As expected, markers and brush pens were a joy to use for the gesture sketches of people at Hing Hay Park, and there’s no danger of bleed-through.
Also as expected, I was able to build gradual tones with graphite beautifully in this sketch at a coffee shop. Zeta’s surface allowed highlights to be easily and cleanly erased.
I was more skeptical about how Zeta would perform with my favorite coloring medium – water-soluble colored pencils. I appreciate the rich texture that Canson XL’s tooth imparted, especially with organic subject matter like trees and rocks. This sketch of the grassy hill at Gas Works Park came out OK, and the Caran d’Ache Museum Aquarelle pencils showed more texture than I was aware of in Zeta, but it was still smoother than I like. Colors seem slightly less vibrant on Zeta’s sizing (but not enough to be a deal-breaker).
One of my favorite techniques when sketching trees and foliage is to use a spritzer instead of a waterbrush to intensify the hues of watercolor pencil pigments. If a paper could not handle this technique, it would be a deal breaker, so I had made a preliminary test with an imaginary tree last month. This time, I sketched some real trees on location (top of post). I still miss that Canson texture, but I was pleased that Zeta’s weight handled spritzing sufficiently.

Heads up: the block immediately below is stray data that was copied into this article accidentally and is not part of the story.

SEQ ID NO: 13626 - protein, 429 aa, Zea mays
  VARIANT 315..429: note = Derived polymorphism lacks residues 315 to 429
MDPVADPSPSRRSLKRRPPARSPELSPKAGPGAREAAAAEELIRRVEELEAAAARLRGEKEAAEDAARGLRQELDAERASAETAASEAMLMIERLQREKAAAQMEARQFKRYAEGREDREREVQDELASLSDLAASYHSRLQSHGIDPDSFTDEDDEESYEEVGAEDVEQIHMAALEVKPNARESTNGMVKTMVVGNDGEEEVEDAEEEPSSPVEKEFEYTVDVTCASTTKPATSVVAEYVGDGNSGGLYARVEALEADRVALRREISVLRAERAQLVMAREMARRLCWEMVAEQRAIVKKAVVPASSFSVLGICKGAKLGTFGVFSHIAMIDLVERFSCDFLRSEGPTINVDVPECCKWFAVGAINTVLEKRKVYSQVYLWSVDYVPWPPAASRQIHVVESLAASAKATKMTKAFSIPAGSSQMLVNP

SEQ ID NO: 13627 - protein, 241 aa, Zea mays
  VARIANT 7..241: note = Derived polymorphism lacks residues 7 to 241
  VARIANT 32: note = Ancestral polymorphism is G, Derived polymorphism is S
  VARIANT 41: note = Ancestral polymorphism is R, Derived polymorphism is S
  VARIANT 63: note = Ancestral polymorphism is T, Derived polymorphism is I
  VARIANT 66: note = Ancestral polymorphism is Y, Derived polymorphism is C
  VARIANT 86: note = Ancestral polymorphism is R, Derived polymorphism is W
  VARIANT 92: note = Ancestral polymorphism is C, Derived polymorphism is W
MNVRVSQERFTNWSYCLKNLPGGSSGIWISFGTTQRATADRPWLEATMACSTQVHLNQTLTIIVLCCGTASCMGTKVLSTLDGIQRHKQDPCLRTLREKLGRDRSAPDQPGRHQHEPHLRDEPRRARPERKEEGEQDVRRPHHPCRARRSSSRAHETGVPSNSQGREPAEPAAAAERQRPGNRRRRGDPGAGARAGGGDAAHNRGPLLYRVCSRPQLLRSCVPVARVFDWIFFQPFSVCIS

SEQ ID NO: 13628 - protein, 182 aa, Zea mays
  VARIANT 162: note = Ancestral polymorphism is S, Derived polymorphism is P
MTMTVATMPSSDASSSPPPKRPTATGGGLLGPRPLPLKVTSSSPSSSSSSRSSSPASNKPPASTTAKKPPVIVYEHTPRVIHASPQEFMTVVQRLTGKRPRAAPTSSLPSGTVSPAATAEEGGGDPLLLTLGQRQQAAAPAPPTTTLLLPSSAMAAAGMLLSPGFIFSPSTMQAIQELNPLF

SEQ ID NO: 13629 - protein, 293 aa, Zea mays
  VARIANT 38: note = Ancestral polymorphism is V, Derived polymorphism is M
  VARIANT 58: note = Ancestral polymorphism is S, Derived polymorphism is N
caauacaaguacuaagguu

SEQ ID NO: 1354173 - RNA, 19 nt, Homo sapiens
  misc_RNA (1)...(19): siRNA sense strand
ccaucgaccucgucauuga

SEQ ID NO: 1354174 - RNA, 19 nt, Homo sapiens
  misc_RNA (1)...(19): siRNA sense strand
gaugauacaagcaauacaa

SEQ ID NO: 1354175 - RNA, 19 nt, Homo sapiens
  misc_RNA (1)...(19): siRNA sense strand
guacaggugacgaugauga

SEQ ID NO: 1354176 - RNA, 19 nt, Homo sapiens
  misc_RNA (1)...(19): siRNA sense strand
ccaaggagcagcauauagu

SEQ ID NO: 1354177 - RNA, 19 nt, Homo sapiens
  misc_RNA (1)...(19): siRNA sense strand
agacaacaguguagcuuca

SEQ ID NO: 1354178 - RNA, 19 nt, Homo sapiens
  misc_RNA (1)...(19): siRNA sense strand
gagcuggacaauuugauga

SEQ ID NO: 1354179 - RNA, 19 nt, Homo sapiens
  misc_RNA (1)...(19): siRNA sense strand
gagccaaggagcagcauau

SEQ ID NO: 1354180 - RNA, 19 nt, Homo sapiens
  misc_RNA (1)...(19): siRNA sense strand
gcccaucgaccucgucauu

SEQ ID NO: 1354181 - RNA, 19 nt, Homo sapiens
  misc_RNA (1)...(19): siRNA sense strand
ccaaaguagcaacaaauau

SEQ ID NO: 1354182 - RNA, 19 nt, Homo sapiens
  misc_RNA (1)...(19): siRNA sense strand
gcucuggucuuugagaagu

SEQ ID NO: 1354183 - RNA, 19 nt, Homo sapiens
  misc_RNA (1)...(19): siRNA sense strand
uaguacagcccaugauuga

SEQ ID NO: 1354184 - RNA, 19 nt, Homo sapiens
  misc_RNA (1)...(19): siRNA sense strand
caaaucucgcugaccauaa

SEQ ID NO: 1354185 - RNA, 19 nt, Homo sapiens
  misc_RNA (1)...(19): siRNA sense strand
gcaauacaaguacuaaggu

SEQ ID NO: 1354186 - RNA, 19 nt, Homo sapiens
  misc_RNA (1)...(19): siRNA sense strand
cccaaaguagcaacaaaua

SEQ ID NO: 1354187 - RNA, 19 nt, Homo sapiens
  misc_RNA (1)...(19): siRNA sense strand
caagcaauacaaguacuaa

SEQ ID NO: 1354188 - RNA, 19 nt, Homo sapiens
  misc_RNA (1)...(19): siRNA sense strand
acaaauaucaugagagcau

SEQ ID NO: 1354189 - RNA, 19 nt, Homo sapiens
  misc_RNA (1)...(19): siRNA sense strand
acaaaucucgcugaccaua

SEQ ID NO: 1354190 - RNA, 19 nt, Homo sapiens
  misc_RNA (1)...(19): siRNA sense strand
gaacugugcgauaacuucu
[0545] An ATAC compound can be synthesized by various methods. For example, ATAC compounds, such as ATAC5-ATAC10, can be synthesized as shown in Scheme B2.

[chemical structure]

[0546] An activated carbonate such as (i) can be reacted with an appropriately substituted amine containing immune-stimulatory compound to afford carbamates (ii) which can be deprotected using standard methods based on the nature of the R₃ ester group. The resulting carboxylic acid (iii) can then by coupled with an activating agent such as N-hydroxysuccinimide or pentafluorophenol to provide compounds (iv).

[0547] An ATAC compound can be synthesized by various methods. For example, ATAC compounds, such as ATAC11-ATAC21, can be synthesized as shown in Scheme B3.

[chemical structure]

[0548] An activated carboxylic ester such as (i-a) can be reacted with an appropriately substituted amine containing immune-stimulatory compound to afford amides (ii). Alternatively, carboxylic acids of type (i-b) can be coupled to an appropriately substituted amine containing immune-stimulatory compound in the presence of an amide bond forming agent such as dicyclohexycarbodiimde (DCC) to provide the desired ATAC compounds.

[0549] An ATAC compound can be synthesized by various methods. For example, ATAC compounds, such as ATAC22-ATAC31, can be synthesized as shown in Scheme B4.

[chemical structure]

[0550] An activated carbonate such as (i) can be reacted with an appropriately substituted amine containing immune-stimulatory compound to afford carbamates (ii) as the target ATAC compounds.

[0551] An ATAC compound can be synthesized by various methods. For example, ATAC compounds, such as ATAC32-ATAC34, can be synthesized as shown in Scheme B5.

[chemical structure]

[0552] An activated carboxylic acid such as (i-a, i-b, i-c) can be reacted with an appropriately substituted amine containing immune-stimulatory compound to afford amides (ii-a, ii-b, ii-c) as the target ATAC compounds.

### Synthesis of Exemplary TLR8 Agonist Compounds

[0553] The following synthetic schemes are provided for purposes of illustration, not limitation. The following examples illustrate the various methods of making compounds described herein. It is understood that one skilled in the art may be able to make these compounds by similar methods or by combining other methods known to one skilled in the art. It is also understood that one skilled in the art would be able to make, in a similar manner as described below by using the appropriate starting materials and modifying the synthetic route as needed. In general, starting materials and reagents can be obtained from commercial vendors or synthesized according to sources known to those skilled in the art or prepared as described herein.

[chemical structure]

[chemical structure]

I made several sketches like this one of an excavator that incorporate several media – a Faber-Castell Pitt Big Brush marker, watercolor pencils and even a little ballpoint ink. This mix of media is typical for me, and the paper took all of them well.
Book filled and real-world testing completed, I went on to analysis:
- The biggest and most important benefit of using a Zeta sketchbook is that the paper is compatible with all the media I typically use in the field. I would no longer need to consider which type of paper to bring when I leave the house or carry more than one type, just in case I change my mind. Though it’s not ideal with everything, it is acceptable with everything. In fact, once I had accepted that Canson’s tooth wasn’t there, I started to really enjoy Zeta’s easy surface and substantial weight that seem to take everything with aplomb. I like Zeta a lot – much more than I expected.
- Zeta’s surface is identical on both sides. I know that seems like a non-issue, but it has always annoyed me that student-grade Canson XL is slightly toothier on one side than the other. I was used to it, but it wasn’t until I used Zeta for a continuous month that I realized how pleasurable it is to have a reliable, consistent surface.
- Although I have generally enjoyed the hand bookbinding process the past six years, especially the flexibility of using any type of paper, lately the process has felt more burdensome than fun. In particular, I don’t enjoy gluing and preparing the covers. The idea of filling a book and simply grabbing a readymade one from the store is very appealing. (The one exception is when I travel. . . more thoughts on that after my analysis.)